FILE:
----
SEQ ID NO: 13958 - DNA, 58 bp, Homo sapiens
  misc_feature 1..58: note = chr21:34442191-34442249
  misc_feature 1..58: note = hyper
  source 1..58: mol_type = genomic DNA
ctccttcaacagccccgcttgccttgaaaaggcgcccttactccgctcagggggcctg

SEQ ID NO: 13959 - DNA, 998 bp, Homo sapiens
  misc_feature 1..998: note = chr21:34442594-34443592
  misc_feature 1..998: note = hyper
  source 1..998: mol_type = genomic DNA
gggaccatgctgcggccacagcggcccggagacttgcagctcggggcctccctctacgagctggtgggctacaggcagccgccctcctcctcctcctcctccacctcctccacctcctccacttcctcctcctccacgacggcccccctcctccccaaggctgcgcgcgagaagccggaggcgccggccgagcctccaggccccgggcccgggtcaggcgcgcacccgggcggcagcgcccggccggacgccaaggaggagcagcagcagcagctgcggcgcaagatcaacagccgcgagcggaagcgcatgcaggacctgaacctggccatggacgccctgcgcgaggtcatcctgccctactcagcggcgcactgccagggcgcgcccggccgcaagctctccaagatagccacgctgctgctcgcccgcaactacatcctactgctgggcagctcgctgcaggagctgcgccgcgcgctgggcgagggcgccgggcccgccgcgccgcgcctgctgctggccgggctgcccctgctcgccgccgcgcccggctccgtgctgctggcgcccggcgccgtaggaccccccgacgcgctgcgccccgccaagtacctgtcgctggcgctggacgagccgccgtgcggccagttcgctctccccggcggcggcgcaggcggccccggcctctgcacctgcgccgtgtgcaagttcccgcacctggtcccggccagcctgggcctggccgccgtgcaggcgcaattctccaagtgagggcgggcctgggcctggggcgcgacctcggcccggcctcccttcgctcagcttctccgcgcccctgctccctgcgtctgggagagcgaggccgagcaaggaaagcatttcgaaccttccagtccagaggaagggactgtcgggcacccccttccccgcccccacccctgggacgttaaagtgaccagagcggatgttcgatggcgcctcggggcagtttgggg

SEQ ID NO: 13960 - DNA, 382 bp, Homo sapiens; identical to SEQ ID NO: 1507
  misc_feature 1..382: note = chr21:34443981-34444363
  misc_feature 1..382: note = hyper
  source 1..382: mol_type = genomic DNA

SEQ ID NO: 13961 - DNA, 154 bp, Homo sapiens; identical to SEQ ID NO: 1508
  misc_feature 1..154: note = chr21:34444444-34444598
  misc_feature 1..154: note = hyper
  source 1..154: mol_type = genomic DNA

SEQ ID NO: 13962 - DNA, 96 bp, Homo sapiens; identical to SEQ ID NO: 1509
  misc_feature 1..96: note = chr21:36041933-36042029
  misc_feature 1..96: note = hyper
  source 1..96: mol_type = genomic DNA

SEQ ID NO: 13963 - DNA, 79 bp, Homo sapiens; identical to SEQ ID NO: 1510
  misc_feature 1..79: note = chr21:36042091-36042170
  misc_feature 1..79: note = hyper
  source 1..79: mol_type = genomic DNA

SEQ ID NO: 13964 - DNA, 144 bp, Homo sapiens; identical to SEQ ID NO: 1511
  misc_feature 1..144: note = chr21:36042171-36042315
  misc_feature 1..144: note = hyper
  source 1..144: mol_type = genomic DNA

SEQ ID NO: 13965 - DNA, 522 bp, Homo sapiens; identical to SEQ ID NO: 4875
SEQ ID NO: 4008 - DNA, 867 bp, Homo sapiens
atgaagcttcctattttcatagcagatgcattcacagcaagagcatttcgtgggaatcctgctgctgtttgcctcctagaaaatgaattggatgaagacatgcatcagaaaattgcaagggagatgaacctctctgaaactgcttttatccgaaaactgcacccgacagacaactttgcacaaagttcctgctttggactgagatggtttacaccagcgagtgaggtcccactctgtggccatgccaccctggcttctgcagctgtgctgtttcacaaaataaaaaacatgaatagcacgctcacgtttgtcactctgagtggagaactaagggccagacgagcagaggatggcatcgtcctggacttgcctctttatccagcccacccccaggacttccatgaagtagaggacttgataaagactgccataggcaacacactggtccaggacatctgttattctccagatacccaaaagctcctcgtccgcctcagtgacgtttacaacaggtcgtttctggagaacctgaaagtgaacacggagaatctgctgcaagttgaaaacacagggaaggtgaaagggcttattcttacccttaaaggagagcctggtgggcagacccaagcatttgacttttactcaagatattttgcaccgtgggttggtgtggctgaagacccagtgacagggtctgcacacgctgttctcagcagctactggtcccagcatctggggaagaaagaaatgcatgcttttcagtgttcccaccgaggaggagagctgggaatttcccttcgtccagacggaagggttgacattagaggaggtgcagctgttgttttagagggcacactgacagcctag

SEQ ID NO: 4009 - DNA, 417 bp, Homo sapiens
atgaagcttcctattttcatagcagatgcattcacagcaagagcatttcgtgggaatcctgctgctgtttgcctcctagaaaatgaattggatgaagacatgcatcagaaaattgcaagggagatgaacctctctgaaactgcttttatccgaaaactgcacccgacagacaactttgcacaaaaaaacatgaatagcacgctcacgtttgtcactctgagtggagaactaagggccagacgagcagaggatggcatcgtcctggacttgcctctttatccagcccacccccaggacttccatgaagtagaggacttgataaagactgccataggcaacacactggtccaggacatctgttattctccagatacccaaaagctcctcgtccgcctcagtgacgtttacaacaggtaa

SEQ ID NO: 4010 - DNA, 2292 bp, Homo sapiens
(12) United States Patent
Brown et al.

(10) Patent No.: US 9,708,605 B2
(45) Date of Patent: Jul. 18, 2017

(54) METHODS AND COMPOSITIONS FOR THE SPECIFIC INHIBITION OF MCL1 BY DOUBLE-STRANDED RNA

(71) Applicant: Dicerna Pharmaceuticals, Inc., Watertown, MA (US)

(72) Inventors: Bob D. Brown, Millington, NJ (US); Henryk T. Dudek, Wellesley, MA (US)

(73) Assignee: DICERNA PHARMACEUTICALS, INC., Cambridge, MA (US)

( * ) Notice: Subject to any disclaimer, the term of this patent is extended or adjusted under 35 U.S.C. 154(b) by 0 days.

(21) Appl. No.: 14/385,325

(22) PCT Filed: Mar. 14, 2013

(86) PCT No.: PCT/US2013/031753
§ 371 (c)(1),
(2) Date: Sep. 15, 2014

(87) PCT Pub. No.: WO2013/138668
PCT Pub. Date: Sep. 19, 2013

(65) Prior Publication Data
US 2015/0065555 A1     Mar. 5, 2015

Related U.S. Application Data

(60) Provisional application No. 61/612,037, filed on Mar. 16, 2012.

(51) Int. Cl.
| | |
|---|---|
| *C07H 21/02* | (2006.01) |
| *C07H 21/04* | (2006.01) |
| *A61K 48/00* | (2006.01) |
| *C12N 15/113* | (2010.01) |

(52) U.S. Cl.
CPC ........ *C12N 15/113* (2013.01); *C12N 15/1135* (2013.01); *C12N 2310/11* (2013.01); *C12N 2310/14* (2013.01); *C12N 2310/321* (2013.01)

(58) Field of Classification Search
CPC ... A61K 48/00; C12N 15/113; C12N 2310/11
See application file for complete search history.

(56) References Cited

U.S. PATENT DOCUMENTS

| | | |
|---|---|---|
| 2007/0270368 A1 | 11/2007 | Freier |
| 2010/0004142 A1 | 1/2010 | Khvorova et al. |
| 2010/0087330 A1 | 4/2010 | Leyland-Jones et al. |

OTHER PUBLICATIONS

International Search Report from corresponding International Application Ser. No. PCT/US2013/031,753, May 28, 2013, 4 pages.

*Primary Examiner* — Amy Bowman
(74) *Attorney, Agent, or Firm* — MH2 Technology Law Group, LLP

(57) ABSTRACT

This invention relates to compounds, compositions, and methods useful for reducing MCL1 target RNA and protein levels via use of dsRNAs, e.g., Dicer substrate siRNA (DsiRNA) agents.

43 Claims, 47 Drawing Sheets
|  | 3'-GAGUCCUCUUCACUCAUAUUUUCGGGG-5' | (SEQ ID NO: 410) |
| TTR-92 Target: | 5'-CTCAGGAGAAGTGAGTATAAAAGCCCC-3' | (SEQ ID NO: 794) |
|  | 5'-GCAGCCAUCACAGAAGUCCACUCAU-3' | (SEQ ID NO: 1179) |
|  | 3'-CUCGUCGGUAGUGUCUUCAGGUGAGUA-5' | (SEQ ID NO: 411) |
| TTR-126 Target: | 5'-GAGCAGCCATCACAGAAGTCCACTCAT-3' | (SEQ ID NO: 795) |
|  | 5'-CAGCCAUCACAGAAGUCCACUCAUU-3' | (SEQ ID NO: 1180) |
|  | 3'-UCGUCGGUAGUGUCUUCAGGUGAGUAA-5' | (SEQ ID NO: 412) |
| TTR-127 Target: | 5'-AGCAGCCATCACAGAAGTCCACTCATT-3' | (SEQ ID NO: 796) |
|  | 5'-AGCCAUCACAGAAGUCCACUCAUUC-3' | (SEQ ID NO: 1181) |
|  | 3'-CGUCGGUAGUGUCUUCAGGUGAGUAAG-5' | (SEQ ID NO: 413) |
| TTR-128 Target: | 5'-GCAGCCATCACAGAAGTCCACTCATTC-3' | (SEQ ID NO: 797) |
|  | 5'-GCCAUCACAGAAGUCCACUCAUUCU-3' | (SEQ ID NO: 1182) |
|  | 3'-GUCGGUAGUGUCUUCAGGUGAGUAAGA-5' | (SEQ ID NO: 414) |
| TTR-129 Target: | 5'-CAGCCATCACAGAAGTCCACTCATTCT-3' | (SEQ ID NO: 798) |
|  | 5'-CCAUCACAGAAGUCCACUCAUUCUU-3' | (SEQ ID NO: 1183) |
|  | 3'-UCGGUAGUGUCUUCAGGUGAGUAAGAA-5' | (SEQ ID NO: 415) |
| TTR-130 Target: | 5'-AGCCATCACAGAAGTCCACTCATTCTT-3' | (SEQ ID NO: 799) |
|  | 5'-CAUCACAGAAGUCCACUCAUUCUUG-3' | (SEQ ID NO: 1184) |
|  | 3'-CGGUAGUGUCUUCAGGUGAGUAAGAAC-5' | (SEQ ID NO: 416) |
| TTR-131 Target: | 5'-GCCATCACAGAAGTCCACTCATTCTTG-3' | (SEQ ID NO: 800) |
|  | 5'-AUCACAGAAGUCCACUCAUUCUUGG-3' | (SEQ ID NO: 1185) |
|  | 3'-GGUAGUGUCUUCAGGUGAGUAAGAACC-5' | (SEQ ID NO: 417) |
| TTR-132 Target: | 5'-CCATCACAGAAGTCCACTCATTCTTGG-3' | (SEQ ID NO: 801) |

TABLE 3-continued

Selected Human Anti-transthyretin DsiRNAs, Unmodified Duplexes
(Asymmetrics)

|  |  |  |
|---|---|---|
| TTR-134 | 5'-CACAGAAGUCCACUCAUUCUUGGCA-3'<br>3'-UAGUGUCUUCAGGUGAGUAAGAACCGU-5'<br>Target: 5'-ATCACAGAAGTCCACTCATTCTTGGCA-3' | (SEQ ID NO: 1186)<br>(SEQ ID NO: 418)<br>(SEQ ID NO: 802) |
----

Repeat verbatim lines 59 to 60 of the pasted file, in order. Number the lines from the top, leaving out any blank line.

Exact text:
|---|---|
| *C07H 21/02* | (2006.01) |